Hertz fires 25 Muslim drivers who refuse to clock out

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SEATTLE — Hertz has sent termination letters to 25
drivers at Seattle-Tacoma International Airport after they refused to
agree to clock out for daily breaks, during which they normally pray.

The
workers — all Somali Muslims who drive the company’s rental cars to and
from the airport for cleaning and refueling — were among 34 Hertz
employees suspended Sept. 30 for failing to clock out before breaks.

The
rental-car company at the time said some of the workers were taking
longer than the 10 minutes allowed. The workers usually take two paid
breaks during a regular eight-hour shift.

Nine of the 34 suspended drivers signed the agreement and have returned to their jobs, the company said.

Officials
with Teamsters Local 117, which represents the workers, said the two
sides had tried to negotiate an agreement that would have allowed the
workers to return to their pre-suspension status, under which they
wouldn’t have to clock out to pray.

But they were unable to agree.

Paul Zilly, spokesman for the union, said the workers were given an ultimatum to sign the document to clock out.

“They
were debating, going back and forth,” he said. “They all felt it was a
contractual violation.” He said that if Hertz believed certain employees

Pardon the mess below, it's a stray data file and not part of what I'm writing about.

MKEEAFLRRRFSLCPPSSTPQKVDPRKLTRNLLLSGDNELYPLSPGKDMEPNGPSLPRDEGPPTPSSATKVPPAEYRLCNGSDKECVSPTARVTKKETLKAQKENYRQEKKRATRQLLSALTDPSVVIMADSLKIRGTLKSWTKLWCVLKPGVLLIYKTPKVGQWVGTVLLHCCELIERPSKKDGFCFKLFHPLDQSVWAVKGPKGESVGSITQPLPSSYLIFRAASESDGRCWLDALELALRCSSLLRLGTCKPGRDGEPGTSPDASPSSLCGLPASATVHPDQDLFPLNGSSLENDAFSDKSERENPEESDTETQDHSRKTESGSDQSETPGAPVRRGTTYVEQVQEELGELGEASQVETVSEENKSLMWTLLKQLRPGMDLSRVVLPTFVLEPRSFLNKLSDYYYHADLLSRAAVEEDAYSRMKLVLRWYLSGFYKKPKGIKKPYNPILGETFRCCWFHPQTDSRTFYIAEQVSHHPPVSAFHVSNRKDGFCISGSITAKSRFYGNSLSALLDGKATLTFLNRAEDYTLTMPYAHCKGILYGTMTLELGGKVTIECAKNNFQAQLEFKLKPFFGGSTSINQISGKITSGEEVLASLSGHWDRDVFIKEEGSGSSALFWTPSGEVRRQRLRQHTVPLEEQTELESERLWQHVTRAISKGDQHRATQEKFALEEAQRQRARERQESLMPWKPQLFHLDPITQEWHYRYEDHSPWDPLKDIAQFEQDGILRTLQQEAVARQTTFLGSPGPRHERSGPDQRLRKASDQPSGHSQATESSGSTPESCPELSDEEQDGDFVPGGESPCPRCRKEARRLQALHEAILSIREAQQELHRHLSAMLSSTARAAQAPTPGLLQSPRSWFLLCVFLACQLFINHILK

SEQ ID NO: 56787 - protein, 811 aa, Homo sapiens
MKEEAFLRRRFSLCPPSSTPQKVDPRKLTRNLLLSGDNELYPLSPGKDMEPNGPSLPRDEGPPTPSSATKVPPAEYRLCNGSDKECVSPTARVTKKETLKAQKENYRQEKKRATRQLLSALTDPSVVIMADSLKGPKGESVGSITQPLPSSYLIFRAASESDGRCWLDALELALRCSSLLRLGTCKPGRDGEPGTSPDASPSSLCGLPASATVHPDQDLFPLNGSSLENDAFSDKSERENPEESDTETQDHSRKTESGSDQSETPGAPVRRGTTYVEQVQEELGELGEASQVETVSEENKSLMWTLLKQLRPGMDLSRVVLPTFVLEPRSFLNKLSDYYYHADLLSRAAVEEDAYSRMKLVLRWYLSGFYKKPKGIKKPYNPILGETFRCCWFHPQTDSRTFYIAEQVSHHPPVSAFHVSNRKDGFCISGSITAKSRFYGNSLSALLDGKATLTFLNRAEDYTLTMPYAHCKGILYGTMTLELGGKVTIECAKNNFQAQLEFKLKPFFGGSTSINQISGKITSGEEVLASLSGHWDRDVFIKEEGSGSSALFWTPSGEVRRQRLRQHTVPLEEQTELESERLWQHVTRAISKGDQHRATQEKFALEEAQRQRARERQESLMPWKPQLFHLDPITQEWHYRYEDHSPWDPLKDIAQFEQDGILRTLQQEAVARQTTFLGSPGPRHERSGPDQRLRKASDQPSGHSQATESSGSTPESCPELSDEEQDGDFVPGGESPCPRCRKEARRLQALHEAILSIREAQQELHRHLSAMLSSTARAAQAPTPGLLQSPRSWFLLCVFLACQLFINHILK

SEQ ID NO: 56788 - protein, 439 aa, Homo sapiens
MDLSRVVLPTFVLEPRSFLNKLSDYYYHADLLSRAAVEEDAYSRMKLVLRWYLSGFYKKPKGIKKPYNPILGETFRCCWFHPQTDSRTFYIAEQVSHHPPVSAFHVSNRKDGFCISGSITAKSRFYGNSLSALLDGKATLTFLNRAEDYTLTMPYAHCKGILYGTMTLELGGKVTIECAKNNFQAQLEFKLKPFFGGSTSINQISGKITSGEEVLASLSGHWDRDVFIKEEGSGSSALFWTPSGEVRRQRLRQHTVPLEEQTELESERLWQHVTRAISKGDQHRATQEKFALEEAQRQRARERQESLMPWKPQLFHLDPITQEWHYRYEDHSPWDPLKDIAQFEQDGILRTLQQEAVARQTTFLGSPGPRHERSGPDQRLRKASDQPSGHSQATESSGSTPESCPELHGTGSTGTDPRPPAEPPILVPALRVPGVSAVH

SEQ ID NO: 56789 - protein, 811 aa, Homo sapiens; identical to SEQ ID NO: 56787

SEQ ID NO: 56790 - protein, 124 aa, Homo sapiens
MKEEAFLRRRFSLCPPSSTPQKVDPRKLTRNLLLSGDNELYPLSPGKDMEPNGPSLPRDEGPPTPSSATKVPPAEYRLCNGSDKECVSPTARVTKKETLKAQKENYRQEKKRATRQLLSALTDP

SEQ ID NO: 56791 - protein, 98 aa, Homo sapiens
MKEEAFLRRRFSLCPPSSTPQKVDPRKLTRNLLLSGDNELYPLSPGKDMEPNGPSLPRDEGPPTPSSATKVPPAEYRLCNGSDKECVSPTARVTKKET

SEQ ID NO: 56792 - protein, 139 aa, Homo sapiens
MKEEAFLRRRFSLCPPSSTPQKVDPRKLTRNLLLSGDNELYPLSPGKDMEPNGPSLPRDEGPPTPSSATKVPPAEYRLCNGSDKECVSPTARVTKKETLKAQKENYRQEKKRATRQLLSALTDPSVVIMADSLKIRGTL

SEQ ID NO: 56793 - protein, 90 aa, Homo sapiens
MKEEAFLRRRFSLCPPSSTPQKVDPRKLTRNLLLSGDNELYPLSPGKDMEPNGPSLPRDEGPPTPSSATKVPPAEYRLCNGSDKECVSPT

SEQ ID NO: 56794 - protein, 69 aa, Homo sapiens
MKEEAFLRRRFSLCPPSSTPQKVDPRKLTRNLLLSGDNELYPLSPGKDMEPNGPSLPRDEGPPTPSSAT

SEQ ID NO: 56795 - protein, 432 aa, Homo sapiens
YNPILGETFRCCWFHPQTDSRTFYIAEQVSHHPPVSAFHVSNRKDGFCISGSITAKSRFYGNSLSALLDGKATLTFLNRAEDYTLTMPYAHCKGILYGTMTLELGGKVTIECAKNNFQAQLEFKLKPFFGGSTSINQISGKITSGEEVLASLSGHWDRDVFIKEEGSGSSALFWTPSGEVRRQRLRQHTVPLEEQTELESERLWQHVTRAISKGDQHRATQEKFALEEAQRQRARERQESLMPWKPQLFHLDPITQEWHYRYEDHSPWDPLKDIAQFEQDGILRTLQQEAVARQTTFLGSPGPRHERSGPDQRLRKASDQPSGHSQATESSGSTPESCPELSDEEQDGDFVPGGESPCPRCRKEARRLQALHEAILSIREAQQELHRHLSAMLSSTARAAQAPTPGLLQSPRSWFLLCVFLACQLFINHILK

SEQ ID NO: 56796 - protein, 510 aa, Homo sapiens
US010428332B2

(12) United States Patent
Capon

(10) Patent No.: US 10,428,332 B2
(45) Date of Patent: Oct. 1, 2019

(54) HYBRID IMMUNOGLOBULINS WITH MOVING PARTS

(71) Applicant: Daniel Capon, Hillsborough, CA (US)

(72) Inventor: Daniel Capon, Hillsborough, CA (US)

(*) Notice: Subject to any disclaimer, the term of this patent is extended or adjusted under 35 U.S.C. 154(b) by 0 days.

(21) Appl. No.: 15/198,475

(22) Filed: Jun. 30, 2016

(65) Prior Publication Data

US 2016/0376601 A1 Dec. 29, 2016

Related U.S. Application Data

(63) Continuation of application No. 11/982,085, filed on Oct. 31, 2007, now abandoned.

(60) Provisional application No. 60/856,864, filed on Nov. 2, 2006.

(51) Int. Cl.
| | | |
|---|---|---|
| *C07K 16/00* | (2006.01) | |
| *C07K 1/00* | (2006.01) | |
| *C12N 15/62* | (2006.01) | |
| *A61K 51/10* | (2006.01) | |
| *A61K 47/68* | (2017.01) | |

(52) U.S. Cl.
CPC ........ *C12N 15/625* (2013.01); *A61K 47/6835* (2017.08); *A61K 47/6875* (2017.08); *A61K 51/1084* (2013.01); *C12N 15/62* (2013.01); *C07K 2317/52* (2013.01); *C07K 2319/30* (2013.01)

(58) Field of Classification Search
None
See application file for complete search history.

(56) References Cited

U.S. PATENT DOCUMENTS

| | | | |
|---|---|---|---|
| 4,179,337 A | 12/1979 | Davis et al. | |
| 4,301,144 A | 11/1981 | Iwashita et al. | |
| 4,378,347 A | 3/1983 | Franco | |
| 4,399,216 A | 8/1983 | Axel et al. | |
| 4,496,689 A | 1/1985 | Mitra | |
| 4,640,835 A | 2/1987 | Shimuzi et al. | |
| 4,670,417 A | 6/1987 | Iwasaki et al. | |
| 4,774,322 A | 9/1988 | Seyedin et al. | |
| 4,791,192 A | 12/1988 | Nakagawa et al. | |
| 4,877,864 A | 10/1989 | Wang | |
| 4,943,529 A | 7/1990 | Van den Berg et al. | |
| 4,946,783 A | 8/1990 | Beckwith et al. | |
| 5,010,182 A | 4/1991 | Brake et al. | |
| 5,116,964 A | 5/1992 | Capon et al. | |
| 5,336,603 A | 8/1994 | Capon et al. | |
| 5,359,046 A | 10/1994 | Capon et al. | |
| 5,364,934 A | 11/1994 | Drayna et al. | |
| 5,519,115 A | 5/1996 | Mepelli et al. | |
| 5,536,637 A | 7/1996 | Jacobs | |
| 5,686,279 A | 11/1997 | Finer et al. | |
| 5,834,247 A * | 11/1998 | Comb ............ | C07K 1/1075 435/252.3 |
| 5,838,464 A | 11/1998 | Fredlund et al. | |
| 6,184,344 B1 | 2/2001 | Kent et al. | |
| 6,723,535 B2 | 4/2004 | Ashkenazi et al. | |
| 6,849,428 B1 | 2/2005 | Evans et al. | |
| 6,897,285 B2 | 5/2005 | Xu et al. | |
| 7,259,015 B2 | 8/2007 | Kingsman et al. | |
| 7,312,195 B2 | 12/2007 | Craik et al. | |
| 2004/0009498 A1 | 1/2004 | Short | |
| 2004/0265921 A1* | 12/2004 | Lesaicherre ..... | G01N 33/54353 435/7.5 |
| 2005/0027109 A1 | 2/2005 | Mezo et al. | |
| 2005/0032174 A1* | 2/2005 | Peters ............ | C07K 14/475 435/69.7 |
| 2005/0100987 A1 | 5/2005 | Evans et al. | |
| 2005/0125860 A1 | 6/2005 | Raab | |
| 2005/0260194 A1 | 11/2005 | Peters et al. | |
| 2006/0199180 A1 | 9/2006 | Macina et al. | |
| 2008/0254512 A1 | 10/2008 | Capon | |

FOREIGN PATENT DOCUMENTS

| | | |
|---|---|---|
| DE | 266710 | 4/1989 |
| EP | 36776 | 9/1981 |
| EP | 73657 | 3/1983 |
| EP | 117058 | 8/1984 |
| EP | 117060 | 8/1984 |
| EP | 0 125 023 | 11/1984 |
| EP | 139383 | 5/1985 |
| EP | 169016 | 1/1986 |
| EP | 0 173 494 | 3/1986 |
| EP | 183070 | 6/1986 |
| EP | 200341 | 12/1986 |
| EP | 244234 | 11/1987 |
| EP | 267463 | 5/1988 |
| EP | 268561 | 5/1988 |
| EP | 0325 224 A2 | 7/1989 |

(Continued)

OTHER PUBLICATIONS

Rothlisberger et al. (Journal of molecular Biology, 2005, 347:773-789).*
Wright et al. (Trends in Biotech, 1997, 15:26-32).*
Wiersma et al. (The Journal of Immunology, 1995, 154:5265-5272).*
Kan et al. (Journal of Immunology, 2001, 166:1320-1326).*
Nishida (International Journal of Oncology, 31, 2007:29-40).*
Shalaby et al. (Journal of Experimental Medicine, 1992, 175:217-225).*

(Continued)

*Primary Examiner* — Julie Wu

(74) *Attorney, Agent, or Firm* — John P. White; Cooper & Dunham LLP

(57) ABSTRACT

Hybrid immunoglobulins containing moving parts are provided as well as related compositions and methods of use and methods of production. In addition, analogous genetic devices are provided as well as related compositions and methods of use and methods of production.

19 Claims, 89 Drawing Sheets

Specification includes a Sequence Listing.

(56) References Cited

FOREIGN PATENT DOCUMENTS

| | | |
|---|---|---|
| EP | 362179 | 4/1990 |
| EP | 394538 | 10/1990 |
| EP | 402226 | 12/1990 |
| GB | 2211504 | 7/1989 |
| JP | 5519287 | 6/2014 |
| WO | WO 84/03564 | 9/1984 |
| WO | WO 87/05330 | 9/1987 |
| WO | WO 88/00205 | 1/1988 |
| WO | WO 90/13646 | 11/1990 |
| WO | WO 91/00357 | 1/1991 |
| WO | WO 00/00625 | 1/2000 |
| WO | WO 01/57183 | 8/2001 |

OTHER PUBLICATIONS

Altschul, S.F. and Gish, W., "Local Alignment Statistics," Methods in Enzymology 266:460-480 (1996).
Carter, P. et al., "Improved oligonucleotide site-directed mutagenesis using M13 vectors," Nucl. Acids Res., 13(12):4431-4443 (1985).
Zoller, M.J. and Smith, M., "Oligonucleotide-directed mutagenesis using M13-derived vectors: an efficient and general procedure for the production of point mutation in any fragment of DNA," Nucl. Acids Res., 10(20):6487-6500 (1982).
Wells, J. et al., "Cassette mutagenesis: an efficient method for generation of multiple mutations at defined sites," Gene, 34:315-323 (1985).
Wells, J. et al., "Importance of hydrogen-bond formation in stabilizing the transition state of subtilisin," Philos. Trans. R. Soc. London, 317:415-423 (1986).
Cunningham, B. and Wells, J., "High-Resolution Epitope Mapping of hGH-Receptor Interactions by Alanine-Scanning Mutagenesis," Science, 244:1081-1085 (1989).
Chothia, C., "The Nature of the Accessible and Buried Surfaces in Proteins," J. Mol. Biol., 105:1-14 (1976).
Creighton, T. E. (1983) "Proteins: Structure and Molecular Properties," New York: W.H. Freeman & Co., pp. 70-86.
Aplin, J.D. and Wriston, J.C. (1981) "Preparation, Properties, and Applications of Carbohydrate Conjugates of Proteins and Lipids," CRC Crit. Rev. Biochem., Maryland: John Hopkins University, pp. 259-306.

were abusing the break policies, then it should have dealt with them
individually, rather than penalizing an entire group.

“There may have been some taking longer than 10 minutes, but why single out the entire group based on their religion?”

A
Hertz spokesman said many of the workers had been with the company for
15 years, and Hertz went out of its way to accommodate all of them,
setting up a prayer room at the airport site.

The
company had made it clear to the suspended workers that if they wanted
to be reinstated they needed to agree to the clock-out conditions by the
end of the day Thursday, said spokesman Rich Broome.

“We’re
disappointed that the rest of the transporters did not take us up on
what we thought was a reasonable resolution of this matter — reserving
their right to pray during paid breaks,” Broome said.

“We felt clocking out is a fair way to maintain order while keeping our operations running smoothly.”

The Teamsters represents about 79 Hertz drivers who earn between $9.15 and $9.95 an hour. Most are Muslim.

All company employees are allowed two paid 10-minute breaks during an eight-hour shift — time they can use however they choose.

The
Teamsters said the requirement for workers to clock out for that break
is not in the contact and the firm had agreed during negotiations last
year it would not require it.

The union said the
company implemented a unilateral change on the day it suspended the
drivers without first negotiating with the union, a contractual
violation.

The union has filed grievances against
Hertz with the National Labor Relations Board and said it’s filing
religious discrimination charges with the Equal Employment Opportunity
Commission.

Broome said the company and the
workers had reached an EEOC settlement two years ago, in which workers
agreed they would clock out for their two breaks.

The
company had been informing workers that they needed to clock out for
some time before finally posting a notice to that effect on the day they
were suspended.

Those who clocked out on that day were not suspended, the company said.

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©2011 The Seattle Times

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